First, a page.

# Consequences of inverse square law with vast distances (Gravity); (in addition, is light speed broken)? [duplicate]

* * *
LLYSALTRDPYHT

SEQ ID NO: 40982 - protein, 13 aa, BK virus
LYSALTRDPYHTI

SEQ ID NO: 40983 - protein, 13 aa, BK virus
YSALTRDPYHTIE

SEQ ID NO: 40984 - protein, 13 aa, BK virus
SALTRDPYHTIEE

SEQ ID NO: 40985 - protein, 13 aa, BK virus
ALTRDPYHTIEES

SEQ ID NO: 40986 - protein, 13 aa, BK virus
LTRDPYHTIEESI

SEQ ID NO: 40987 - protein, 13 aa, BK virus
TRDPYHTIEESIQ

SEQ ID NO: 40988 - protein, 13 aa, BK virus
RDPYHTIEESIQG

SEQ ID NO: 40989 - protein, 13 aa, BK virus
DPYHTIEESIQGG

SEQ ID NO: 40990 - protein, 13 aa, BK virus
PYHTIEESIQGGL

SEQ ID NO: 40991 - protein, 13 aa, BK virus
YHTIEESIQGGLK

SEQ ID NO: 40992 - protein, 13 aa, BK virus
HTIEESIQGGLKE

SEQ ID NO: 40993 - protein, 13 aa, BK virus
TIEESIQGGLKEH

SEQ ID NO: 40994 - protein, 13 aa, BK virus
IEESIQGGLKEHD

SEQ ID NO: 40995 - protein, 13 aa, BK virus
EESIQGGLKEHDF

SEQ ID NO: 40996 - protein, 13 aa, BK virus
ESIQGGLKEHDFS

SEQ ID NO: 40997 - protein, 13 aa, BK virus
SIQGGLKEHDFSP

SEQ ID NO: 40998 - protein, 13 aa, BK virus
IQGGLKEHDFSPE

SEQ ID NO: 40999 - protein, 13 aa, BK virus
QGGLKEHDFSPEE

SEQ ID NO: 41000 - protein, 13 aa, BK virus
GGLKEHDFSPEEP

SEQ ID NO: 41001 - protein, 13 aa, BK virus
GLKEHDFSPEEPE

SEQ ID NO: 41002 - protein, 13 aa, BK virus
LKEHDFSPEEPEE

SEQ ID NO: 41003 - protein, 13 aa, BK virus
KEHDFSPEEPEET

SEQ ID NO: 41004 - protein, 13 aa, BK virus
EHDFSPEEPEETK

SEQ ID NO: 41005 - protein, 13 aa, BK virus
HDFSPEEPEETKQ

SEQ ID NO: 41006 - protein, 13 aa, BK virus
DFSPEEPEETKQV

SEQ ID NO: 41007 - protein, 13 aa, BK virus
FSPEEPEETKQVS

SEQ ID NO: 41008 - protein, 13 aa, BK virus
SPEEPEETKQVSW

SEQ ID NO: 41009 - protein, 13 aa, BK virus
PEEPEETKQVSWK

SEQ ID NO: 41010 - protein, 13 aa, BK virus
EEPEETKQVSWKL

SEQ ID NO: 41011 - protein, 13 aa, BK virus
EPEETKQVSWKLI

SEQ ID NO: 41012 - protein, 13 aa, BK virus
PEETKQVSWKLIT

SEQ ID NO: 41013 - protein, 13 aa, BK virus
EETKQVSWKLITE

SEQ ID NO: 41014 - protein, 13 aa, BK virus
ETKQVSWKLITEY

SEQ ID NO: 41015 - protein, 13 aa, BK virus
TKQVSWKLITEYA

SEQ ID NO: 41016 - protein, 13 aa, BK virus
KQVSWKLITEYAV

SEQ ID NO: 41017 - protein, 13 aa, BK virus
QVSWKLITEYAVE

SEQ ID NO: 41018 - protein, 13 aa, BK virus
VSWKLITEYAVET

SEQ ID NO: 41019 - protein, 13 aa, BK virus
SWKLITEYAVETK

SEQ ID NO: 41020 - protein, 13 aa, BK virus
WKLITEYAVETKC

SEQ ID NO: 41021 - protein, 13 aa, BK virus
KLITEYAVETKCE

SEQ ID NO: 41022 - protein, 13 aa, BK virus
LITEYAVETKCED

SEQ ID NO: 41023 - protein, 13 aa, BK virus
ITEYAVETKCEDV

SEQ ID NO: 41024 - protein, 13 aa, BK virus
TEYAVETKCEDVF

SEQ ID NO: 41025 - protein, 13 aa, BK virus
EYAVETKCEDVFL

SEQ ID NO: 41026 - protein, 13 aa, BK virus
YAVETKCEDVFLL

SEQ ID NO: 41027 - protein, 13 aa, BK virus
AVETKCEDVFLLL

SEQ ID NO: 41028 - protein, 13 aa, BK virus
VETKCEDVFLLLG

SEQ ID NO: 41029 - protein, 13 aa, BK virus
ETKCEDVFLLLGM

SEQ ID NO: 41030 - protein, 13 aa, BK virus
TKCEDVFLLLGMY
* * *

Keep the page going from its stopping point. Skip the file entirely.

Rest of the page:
As is well known, the gravitational force between two masses is dependent on the spatial distance between them. Therefore, even at vast distances, the masses exert equal and opposite forces on one another. I know that our theories need for this to be the case (to derive things such as escape velocity, which calls the force at r = $\infty$ to be zero (by utilizing a limit where the distance approaches infinity)), yet the universe is so vast and complex (with an unimaginable number of masses). With so many masses in space, it seems as though this could make a huge difference (over a large distance, such as special relativity's involvement in magnetism) . Also, say there is a supernova 400 light years away from earth. The time independent theory states that we should immediately notice a difference in the net forces acting on us, yet that would mean information travelled faster than light, correct? My main point is this: Is it absolutely imperative that there is still a force infinitely far away? Would the universe still function if we were to cut it off at something like a light year? *(This is my main point) Does the infinite reach of the gravitational force have anything to do with the scaffolding of the universe as a whole ?